Three is the new two: How to menage a trois

By Copy Chief

Threesomes, once considered a shocking and perverted act, are becoming mainstream as more people decide to add a third partner into their beds.

Wholesome Disney star Hilary Duff was in a 2009 episode of “Gossip Girl” in which she had a threesome with characters Dan and Vanessa. Even pop singer Britney Spears sings songs about the phenomenon in her song “3.” 

The most common type of threesome arguably involves two women and one man. However, threesomes can exist with two men and one woman, all women, all men and, with the increasing levels of nonbinary gender identifications, the possibilities are endless. The bottom line is threesomes should involve sexual activity between three consenting participants who are all attracted to each other.

Threesomes are different from polyamory—a relationship between multiple people, like Karen’s relationship on the television show “Mistresses”—but if you find yourself wanting another person in your relationship, starting with threesomes can be an easy way to bring up the idea without fully committing.

Whether you are in a relationship and looking for a third or are single and looking to experiment, here’s how you can have your very own threesome.

1. Communicate: Think it through and communicate your thoughts, fears, questions with others—everything you’re thinking about threesomes should be spoken and worked through. Talk about threesomes until the idea nearly loses its appeal. It is especially important to communicate openly with those participating in the threesome with you—make sure everyone knows each other’s boundaries, and set guidelines for what to expect.

2. Start looking: The best option will be in person, but sometimes you just do not know enough people. Use this as an excuse to get out there and do new things—as if you were finding a traditional relationship. Another option is asking a casual acquaintance to join in, being sure to do so respectfully and with little pressure so as to not ruin whatever friendship you had before if the person is uninterested.

3. Go online: The world of online dating is huge. Couples looking for threesomes are using these services for their own gain as well. This is easier for singles looking to join couples, but that should not stop couples from trying.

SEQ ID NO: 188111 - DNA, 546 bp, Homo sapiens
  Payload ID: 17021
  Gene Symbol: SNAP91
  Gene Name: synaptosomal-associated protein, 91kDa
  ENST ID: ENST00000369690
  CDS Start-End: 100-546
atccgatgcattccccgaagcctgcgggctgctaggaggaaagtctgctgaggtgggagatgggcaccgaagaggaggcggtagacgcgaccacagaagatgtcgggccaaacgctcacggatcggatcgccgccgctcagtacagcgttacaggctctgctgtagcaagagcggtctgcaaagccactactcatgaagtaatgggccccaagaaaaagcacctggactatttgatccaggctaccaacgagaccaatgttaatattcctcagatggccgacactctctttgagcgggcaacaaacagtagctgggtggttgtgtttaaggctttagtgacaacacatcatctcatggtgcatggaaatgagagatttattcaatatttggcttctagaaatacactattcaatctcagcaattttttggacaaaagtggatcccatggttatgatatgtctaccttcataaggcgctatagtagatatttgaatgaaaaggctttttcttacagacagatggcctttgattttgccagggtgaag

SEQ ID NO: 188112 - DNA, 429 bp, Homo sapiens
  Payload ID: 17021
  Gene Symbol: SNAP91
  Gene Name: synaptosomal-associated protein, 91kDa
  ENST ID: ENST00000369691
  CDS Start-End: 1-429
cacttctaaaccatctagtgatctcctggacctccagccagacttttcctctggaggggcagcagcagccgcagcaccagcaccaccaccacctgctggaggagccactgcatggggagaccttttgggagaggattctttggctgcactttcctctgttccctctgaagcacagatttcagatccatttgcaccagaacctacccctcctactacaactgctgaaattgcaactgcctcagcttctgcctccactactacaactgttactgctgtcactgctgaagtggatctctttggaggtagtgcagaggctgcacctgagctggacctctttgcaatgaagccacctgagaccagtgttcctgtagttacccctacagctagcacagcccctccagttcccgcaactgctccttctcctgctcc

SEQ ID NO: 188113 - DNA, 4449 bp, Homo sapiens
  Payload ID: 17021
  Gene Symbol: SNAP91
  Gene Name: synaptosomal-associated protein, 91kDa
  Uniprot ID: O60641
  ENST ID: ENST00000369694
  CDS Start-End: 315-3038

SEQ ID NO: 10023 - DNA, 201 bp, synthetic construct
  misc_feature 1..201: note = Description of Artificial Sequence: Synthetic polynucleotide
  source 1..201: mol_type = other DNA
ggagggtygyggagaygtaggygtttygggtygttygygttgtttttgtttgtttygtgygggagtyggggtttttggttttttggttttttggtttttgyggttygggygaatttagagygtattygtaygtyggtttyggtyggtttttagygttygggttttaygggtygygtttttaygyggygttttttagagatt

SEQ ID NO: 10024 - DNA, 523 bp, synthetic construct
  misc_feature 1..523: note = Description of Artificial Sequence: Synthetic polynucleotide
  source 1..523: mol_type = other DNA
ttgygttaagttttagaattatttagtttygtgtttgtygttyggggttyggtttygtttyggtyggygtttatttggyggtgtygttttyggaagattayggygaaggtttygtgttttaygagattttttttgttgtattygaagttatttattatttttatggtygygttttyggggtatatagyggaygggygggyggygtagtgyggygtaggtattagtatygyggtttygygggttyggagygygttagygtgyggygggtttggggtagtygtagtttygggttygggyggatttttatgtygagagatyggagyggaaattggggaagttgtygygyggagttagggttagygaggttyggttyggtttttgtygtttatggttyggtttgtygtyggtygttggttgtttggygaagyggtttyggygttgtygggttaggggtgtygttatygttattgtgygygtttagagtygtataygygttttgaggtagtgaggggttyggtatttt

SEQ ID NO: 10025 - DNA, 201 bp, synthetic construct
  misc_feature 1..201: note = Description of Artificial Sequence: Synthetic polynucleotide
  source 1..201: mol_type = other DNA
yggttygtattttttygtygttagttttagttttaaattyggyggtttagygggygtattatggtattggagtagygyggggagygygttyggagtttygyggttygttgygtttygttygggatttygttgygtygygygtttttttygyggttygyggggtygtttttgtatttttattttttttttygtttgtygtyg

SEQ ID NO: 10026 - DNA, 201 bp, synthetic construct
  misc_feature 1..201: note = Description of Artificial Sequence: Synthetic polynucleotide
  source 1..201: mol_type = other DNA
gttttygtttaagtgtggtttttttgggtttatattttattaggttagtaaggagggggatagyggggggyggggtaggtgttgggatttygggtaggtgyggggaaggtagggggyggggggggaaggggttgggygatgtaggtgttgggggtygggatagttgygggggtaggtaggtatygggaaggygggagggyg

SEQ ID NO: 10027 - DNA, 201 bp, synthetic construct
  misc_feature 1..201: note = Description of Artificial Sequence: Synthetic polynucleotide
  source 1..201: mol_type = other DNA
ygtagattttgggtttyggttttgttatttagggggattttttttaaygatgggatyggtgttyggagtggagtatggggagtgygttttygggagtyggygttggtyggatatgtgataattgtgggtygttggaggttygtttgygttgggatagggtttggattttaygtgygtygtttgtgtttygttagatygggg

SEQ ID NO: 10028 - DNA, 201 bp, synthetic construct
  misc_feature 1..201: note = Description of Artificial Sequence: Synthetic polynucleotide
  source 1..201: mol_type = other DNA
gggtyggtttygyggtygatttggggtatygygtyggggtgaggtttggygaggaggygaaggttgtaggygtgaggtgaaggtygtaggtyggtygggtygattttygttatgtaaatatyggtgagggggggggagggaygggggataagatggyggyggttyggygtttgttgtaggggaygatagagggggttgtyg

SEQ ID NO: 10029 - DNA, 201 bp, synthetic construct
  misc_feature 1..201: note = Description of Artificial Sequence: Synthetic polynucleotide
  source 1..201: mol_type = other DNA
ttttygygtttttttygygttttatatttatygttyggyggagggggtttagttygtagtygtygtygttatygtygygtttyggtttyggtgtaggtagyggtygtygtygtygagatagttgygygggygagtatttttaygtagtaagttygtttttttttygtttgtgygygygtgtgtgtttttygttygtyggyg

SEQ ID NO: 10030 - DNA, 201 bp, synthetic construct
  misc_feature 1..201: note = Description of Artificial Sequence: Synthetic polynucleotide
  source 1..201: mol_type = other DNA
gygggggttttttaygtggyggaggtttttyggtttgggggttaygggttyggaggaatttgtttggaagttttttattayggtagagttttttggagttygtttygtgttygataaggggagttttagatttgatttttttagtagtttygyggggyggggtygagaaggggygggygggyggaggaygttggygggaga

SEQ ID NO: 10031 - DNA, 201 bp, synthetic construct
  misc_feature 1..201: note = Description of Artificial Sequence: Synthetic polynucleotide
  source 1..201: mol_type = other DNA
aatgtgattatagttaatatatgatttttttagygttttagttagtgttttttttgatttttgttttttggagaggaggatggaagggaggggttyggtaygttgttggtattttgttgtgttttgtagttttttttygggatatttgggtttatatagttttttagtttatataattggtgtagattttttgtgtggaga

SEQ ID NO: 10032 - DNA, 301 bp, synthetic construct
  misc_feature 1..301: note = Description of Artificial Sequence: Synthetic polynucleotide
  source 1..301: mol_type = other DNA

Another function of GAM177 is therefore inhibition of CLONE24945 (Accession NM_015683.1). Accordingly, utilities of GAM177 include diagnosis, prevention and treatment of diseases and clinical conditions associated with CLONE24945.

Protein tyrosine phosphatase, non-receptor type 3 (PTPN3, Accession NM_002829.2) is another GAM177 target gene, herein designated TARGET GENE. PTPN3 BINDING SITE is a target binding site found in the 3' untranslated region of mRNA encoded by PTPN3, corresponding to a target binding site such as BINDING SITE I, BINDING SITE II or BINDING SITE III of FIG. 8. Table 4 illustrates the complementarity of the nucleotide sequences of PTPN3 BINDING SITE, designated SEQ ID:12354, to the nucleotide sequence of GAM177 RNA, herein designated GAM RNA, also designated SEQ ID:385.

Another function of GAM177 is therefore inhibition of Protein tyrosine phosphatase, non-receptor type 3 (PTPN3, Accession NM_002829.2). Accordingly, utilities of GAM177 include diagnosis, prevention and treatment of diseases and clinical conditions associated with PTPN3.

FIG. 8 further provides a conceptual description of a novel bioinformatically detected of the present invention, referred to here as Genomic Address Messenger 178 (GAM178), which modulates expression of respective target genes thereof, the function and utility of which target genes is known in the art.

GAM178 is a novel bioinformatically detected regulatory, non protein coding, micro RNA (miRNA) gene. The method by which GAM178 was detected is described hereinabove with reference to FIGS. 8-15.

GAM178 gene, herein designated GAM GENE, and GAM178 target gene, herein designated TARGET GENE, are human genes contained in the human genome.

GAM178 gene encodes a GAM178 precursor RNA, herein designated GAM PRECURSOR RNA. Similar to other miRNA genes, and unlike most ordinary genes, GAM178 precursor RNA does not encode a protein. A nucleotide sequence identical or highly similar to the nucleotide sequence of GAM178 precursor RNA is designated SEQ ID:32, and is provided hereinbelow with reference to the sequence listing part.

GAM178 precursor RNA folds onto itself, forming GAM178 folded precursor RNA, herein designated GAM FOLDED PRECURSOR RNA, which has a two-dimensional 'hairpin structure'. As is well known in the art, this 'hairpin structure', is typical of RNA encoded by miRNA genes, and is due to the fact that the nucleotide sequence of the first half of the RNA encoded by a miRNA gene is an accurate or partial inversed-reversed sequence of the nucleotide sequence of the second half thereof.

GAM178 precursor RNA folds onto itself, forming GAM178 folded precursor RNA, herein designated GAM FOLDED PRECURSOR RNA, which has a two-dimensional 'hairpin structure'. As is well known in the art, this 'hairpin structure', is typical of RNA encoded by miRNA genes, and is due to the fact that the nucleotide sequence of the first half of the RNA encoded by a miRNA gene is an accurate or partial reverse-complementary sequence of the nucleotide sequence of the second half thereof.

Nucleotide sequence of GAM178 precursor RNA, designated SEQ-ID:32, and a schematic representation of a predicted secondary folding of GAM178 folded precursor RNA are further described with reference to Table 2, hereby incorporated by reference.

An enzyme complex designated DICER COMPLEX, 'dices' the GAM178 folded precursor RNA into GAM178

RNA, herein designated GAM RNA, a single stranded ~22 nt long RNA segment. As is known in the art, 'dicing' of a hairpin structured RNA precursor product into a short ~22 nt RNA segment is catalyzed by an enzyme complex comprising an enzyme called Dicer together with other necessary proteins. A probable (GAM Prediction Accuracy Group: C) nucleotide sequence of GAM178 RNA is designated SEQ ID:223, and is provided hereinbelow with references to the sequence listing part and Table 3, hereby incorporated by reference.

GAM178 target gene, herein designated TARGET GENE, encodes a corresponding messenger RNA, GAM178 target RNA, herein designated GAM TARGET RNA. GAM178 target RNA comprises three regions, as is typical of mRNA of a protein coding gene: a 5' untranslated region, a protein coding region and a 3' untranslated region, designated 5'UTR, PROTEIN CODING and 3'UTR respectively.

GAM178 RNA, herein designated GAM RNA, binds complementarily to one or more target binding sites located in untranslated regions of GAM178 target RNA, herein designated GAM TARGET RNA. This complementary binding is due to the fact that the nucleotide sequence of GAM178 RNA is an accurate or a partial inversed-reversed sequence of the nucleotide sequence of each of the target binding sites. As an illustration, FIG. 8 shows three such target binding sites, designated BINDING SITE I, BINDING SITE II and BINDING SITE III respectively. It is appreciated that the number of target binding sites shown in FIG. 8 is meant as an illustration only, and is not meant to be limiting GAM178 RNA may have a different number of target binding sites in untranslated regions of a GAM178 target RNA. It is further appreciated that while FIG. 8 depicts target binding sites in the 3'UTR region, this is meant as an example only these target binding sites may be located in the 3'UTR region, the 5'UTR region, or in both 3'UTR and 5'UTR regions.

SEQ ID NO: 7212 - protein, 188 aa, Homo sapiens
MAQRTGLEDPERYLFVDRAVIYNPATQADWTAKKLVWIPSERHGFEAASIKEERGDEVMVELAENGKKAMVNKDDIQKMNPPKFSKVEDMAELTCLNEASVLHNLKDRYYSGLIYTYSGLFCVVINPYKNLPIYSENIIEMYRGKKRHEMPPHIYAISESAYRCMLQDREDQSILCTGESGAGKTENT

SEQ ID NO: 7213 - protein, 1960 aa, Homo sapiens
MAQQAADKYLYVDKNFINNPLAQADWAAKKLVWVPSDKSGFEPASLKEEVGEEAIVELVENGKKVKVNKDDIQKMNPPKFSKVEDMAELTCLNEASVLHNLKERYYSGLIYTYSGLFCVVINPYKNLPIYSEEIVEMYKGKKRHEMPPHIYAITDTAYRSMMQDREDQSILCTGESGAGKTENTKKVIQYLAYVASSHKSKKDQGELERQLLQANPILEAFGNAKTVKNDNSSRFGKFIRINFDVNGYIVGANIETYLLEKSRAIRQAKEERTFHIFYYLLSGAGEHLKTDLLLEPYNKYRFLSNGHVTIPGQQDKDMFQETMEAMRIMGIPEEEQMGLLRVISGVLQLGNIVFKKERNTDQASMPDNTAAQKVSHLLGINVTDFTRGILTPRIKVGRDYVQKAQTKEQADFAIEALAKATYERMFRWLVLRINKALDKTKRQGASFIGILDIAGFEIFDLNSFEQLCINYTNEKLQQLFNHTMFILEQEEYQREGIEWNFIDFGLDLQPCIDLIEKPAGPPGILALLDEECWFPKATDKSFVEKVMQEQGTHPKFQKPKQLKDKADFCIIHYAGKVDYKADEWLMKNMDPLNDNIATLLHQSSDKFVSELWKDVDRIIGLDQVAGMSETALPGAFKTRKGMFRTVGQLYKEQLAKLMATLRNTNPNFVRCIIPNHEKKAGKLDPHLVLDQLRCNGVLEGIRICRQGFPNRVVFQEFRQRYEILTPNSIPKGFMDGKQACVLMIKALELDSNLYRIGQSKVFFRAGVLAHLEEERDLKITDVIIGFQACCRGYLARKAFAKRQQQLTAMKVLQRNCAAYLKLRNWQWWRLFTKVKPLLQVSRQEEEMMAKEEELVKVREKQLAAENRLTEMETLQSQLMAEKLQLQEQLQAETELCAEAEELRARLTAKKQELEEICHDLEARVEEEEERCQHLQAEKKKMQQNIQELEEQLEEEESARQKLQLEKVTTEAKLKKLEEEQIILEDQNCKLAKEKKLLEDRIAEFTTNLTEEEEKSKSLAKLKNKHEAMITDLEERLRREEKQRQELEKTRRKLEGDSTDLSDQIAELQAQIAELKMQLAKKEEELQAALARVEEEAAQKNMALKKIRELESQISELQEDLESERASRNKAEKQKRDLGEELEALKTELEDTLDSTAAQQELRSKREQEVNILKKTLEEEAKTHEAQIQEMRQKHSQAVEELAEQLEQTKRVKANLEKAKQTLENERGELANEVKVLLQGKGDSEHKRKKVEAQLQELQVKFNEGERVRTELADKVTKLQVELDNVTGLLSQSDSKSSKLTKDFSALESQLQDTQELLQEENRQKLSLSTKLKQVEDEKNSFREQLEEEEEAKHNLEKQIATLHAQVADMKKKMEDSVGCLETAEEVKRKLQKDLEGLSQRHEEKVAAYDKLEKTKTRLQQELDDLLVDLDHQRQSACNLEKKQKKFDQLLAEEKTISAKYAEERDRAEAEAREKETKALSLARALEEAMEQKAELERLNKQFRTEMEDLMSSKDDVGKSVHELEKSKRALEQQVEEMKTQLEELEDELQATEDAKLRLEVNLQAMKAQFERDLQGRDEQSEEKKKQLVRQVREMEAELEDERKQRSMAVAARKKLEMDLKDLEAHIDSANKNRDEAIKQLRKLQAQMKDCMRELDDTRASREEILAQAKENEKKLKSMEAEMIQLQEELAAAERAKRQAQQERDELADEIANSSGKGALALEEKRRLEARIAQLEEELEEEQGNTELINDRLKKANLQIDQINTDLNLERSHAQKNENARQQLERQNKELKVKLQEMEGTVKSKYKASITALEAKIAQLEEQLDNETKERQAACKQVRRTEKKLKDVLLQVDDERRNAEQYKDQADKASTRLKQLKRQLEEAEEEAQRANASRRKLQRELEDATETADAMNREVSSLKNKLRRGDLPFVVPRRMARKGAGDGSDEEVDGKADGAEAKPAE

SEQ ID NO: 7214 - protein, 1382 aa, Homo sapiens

Avoid monogamous queer people who are just trying to find love on dating sites—they will be annoyed and uninterested at your attempts to seduce them. Make it clear what you are looking for through your profile, and otherwise make it like a normal dating profile—humanize yourselves. The same principles of dating apps like “Tinder” or “OkCupid” apply to threesomes as they do to normal dating. From FetLife, a social media life for kinky individuals, to Yik Yak, the local and anonymous message board, you have many places to look for your third. 

4. Be picky and patient: Do not accept anyone just because they are the only ones who responded to your requests. Remember: you’re doing this to enjoy it, not just to check off another item from your sexual bucket list. If a person does not feel right for you, you do not have to sleep with them. This goes especially for couples—look for someone whom both of you get along with. Once again, communication is key here. Speak up whenever you feel a certain way, and the process will go more smoothly.

5. Have fun: This is the most important step. Threesomes are supposed to be fun! Don’t feel like you have to follow a script. Watch a movie first or go straight into it—whatever makes you feel comfortable, and whatever all parties think will be enjoyable. And if it ends up that all three of you just want to play Cards Against Humanity instead of bang, that’s OK too.

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